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Council leaders may be united in “One North Wales” but a Flintshire – Wrexham merger looks even more unlikely

NOTE: This content is old - Published: Friday, May 18th, 2018.

Despite a new found harmony between both Wrexham and Flintshire Council leaders under the “One North Wales”  economic banner – as the region looks to secure a £1.3bn growth deal bid – any proposed merger between the two local authorities looks as far off as it’s ever been.

Wrexham Council says it is strongly opposed to the latest merger proposals which would see it tie up with Flintshire, instead an ‘enlarged Wrexham’ taking areas of Powys & Denbighshire would be the preferred option.

Flintshire County Council has said it is open-minded to a merger but ultimately “there has to be a compelling case for change supported by an objective and robust cost benefit analysis.”

A merger between the two has been tabled in a Green Paper consultation as the Welsh Government looks, once again – at reducing the number of councils from 22 to 10, a costly process which appears to happen every two years or so.

Three options have been set out in the Green Paper – voluntary mergers, a ‘phased approach’ – which would allow early adopters to merge in 2022, and a single merger programme taking place in 2022.

Standing firm

Wrexham Council notoriously stood firm against any merger plans, with Council Leader Mark Pritchard stating back in September 2014 that the local authority would “not bullied into a merger with Flintshire County Council by Cardiff.”

The controversial plans for council mergers appeared to be binned in 2016. However it was acknowledged by First Minister Carwyn Jones that there was still a “need to reorganise local government to make local government stronger and to make our town and community councils stronger.”

Flintshire County Council has already given its response to the Green Paper and was discussed at a meeting last month.

It warned ‘confidence and morale amongst the workforce would prove hard to maintain with an impact on recruitment and retention,’ if a long drawn out merger process was implemented.

A council report also noted that ‘The financial benefits of reform, to be achieved through the economies of scale, could be over-estimated. As each year passes, and the current councils have to find more savings and efficiencies to balance their budgets, the scope for future savings through organisational change and service transformation diminish.’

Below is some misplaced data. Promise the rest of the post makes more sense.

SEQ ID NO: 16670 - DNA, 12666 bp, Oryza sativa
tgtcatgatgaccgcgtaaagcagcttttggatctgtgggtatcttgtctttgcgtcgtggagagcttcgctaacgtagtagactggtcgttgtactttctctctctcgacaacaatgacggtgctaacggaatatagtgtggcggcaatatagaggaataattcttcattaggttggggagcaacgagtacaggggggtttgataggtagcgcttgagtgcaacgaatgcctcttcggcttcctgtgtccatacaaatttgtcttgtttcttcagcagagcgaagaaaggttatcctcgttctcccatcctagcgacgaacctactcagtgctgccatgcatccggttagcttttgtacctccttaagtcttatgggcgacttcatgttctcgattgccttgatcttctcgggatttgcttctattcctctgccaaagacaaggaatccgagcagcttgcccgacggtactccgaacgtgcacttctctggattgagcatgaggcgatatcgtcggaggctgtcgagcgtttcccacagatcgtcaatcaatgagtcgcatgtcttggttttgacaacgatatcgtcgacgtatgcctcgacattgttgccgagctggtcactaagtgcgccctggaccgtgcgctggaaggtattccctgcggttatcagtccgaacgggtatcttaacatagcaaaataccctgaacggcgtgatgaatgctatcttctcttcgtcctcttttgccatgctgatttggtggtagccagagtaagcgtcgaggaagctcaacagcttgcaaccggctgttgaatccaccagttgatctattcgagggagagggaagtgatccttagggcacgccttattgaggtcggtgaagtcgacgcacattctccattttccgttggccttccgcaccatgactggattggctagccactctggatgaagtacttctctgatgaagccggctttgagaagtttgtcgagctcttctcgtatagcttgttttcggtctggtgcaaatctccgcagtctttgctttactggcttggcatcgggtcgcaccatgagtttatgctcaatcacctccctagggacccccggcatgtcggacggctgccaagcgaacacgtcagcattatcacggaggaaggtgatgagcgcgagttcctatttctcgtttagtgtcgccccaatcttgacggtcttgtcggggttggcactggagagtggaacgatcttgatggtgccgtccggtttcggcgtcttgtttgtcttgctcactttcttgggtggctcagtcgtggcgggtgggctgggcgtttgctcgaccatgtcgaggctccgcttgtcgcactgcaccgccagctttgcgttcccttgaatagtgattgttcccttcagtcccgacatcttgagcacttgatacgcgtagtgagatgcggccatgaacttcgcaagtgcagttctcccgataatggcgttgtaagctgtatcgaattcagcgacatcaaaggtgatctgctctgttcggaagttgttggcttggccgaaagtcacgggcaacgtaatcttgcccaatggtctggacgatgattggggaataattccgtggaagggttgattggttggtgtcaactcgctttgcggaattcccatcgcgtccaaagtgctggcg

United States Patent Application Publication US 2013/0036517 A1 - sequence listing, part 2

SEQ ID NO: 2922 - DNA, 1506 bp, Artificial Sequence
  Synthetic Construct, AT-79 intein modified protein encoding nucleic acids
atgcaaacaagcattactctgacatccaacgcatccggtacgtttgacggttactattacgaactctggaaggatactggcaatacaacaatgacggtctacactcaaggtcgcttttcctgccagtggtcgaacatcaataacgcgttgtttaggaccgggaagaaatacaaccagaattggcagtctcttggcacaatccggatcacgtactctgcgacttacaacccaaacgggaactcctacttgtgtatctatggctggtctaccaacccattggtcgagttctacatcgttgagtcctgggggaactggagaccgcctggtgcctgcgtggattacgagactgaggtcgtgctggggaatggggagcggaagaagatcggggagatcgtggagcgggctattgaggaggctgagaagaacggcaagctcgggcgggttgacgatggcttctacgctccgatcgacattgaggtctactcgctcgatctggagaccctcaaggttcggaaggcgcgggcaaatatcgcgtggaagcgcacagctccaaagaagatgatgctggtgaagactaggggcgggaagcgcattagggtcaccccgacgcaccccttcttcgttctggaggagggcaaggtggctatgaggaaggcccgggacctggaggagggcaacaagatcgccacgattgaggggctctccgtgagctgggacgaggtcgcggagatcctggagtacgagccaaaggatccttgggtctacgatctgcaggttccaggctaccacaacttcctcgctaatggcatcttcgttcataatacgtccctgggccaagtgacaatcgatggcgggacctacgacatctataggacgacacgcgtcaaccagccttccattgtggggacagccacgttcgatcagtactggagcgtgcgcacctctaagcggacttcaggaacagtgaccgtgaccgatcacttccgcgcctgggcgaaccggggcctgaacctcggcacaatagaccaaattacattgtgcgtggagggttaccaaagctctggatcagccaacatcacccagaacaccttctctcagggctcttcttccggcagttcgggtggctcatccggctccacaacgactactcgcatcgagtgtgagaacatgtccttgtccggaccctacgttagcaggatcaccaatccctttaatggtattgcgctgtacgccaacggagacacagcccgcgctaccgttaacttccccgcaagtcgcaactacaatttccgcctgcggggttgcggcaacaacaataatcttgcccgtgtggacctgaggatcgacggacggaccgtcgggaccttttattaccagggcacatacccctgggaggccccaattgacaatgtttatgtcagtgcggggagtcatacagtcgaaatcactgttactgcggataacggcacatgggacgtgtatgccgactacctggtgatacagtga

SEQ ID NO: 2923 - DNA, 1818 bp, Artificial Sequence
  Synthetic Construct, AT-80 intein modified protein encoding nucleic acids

The report also said ‘regional collaboration could be affected through the disruption and potential antagonism of a reform programme. Critical strategies such as the North Wales Economic Growth Bid could be negatively affected.’

Merger plans have no future

During a Flintshire County Council debate on the proposals last month, Council Leader Cllr Aaron Shotton said that given Carwyn Jones is stepping down as first minister “There is the potential for a sea change of opinion and direction in the not to distant future” and he didn’t see the current Welsh Government proposals as having “a great deal of future.”

Wrexham council will respond to the merger proposals at  Annual Meeting next Wednesday.

A document published ahead of the meeting states: ‘The justification for these proposals is not considered to be adequately supported by the information provided and just as importantly does not set out how they will benefit the people of Wales and the areas affected.’

‘These proposals appear to be presented as a panacea for the problems faced by Local Government in Wales, which stems largely from the continued imposition of cuts in funding and the on-going culture of austerity.’

Mergers wont deliver savings needed

‘It is not demonstrated that these proposals will deliver a level of savings that will make up the shortfall between what is required to provide the services and what is currently available.’

‘The history of re-organisation in both Local Government and other public services in Wales provides ample evidence that financial savings predicted are not realised at the levels expected, if it all.’

It is also suggested that the ‘options outlined for direct mergers with neighbouring Authorities are considered the least acceptable’; with an enlarged Wrexham taking in areas of North Powys and South Denbighshire seen as preferred option rather than a merger with Flintshire.

The full response from Wrexham Council can be viewed here. It will be debated by councillors and voted in at the annual meeting on Wednesday 22nd May at 4pm.

 

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